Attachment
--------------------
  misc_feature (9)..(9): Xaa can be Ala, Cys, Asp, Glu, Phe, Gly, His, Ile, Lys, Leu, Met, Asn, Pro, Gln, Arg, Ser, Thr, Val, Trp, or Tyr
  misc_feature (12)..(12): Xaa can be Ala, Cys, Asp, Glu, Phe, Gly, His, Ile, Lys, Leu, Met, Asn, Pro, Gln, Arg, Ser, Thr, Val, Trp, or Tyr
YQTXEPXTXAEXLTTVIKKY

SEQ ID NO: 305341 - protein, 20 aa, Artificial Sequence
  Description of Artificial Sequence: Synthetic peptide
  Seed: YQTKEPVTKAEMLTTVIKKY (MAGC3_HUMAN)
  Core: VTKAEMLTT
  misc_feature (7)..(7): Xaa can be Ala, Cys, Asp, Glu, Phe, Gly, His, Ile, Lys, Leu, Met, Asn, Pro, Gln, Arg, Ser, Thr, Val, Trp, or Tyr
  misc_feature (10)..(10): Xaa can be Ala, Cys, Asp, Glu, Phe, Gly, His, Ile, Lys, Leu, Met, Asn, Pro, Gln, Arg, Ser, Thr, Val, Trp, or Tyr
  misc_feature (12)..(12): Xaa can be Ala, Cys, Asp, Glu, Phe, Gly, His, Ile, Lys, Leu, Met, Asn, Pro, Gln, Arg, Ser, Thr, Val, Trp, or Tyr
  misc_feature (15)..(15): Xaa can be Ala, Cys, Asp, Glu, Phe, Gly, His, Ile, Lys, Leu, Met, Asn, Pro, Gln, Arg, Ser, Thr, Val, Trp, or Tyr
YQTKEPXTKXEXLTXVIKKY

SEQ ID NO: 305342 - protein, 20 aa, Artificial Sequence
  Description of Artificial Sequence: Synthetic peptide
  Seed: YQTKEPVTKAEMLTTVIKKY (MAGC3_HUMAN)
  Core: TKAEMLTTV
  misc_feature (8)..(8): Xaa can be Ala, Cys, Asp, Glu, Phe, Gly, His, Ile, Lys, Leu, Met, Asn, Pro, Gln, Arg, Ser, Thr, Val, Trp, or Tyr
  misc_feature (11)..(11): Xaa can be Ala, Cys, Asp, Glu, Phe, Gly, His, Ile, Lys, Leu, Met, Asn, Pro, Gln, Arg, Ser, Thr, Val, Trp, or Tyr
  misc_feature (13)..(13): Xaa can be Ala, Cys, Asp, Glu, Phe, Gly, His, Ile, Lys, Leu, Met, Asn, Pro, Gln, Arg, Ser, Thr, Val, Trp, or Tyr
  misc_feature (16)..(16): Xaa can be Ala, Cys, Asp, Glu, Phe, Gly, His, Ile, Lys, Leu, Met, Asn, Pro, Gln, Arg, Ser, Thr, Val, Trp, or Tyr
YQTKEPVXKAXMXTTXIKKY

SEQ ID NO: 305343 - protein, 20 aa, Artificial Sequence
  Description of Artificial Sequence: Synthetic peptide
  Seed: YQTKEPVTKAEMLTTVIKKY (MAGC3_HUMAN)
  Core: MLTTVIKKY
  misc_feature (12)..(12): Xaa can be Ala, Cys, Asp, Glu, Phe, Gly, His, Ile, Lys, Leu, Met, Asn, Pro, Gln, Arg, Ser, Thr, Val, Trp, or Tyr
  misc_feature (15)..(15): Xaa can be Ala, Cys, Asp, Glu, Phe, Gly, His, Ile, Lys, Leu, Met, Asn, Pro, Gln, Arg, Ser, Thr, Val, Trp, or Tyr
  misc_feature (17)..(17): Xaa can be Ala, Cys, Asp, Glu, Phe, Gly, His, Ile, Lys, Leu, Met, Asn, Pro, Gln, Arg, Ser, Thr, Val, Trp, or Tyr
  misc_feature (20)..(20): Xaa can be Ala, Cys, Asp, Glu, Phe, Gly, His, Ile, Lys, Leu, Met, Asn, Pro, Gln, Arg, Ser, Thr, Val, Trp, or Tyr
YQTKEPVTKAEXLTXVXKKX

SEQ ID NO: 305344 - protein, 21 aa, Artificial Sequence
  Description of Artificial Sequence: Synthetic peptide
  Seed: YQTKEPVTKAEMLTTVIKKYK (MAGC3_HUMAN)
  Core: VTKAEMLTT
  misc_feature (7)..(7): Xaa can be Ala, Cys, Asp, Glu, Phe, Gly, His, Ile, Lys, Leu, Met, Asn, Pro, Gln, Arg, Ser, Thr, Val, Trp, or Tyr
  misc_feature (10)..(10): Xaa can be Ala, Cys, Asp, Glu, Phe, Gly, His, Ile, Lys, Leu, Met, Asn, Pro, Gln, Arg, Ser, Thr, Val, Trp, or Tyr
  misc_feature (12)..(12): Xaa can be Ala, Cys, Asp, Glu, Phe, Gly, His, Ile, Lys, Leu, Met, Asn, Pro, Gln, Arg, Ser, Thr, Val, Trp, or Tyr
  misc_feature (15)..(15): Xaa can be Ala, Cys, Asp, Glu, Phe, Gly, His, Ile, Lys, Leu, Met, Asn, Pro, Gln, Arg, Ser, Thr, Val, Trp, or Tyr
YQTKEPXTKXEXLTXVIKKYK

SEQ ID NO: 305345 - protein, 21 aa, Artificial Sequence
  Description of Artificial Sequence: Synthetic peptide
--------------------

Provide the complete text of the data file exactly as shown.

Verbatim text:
  misc_feature (9)..(9): Xaa can be Ala, Cys, Asp, Glu, Phe, Gly, His, Ile, Lys, Leu, Met, Asn, Pro, Gln, Arg, Ser, Thr, Val, Trp, or Tyr
  misc_feature (12)..(12): Xaa can be Ala, Cys, Asp, Glu, Phe, Gly, His, Ile, Lys, Leu, Met, Asn, Pro, Gln, Arg, Ser, Thr, Val, Trp, or Tyr
YQTXEPXTXAEXLTTVIKKY

SEQ ID NO: 305341 - protein, 20 aa, Artificial Sequence
  Description of Artificial Sequence: Synthetic peptide
  Seed: YQTKEPVTKAEMLTTVIKKY (MAGC3_HUMAN)
  Core: VTKAEMLTT
  misc_feature (7)..(7): Xaa can be Ala, Cys, Asp, Glu, Phe, Gly, His, Ile, Lys, Leu, Met, Asn, Pro, Gln, Arg, Ser, Thr, Val, Trp, or Tyr
  misc_feature (10)..(10): Xaa can be Ala, Cys, Asp, Glu, Phe, Gly, His, Ile, Lys, Leu, Met, Asn, Pro, Gln, Arg, Ser, Thr, Val, Trp, or Tyr
  misc_feature (12)..(12): Xaa can be Ala, Cys, Asp, Glu, Phe, Gly, His, Ile, Lys, Leu, Met, Asn, Pro, Gln, Arg, Ser, Thr, Val, Trp, or Tyr
  misc_feature (15)..(15): Xaa can be Ala, Cys, Asp, Glu, Phe, Gly, His, Ile, Lys, Leu, Met, Asn, Pro, Gln, Arg, Ser, Thr, Val, Trp, or Tyr
YQTKEPXTKXEXLTXVIKKY

SEQ ID NO: 305342 - protein, 20 aa, Artificial Sequence
  Description of Artificial Sequence: Synthetic peptide
  Seed: YQTKEPVTKAEMLTTVIKKY (MAGC3_HUMAN)
  Core: TKAEMLTTV
  misc_feature (8)..(8): Xaa can be Ala, Cys, Asp, Glu, Phe, Gly, His, Ile, Lys, Leu, Met, Asn, Pro, Gln, Arg, Ser, Thr, Val, Trp, or Tyr
  misc_feature (11)..(11): Xaa can be Ala, Cys, Asp, Glu, Phe, Gly, His, Ile, Lys, Leu, Met, Asn, Pro, Gln, Arg, Ser, Thr, Val, Trp, or Tyr
  misc_feature (13)..(13): Xaa can be Ala, Cys, Asp, Glu, Phe, Gly, His, Ile, Lys, Leu, Met, Asn, Pro, Gln, Arg, Ser, Thr, Val, Trp, or Tyr
  misc_feature (16)..(16): Xaa can be Ala, Cys, Asp, Glu, Phe, Gly, His, Ile, Lys, Leu, Met, Asn, Pro, Gln, Arg, Ser, Thr, Val, Trp, or Tyr
YQTKEPVXKAXMXTTXIKKY

SEQ ID NO: 305343 - protein, 20 aa, Artificial Sequence
  Description of Artificial Sequence: Synthetic peptide
  Seed: YQTKEPVTKAEMLTTVIKKY (MAGC3_HUMAN)
  Core: MLTTVIKKY
  misc_feature (12)..(12): Xaa can be Ala, Cys, Asp, Glu, Phe, Gly, His, Ile, Lys, Leu, Met, Asn, Pro, Gln, Arg, Ser, Thr, Val, Trp, or Tyr
  misc_feature (15)..(15): Xaa can be Ala, Cys, Asp, Glu, Phe, Gly, His, Ile, Lys, Leu, Met, Asn, Pro, Gln, Arg, Ser, Thr, Val, Trp, or Tyr
  misc_feature (17)..(17): Xaa can be Ala, Cys, Asp, Glu, Phe, Gly, His, Ile, Lys, Leu, Met, Asn, Pro, Gln, Arg, Ser, Thr, Val, Trp, or Tyr
  misc_feature (20)..(20): Xaa can be Ala, Cys, Asp, Glu, Phe, Gly, His, Ile, Lys, Leu, Met, Asn, Pro, Gln, Arg, Ser, Thr, Val, Trp, or Tyr
YQTKEPVTKAEXLTXVXKKX

SEQ ID NO: 305344 - protein, 21 aa, Artificial Sequence
  Description of Artificial Sequence: Synthetic peptide
  Seed: YQTKEPVTKAEMLTTVIKKYK (MAGC3_HUMAN)
  Core: VTKAEMLTT
  misc_feature (7)..(7): Xaa can be Ala, Cys, Asp, Glu, Phe, Gly, His, Ile, Lys, Leu, Met, Asn, Pro, Gln, Arg, Ser, Thr, Val, Trp, or Tyr
  misc_feature (10)..(10): Xaa can be Ala, Cys, Asp, Glu, Phe, Gly, His, Ile, Lys, Leu, Met, Asn, Pro, Gln, Arg, Ser, Thr, Val, Trp, or Tyr
  misc_feature (12)..(12): Xaa can be Ala, Cys, Asp, Glu, Phe, Gly, His, Ile, Lys, Leu, Met, Asn, Pro, Gln, Arg, Ser, Thr, Val, Trp, or Tyr
  misc_feature (15)..(15): Xaa can be Ala, Cys, Asp, Glu, Phe, Gly, His, Ile, Lys, Leu, Met, Asn, Pro, Gln, Arg, Ser, Thr, Val, Trp, or Tyr
YQTKEPXTKXEXLTXVIKKYK

SEQ ID NO: 305345 - protein, 21 aa, Artificial Sequence
  Description of Artificial Sequence: Synthetic peptide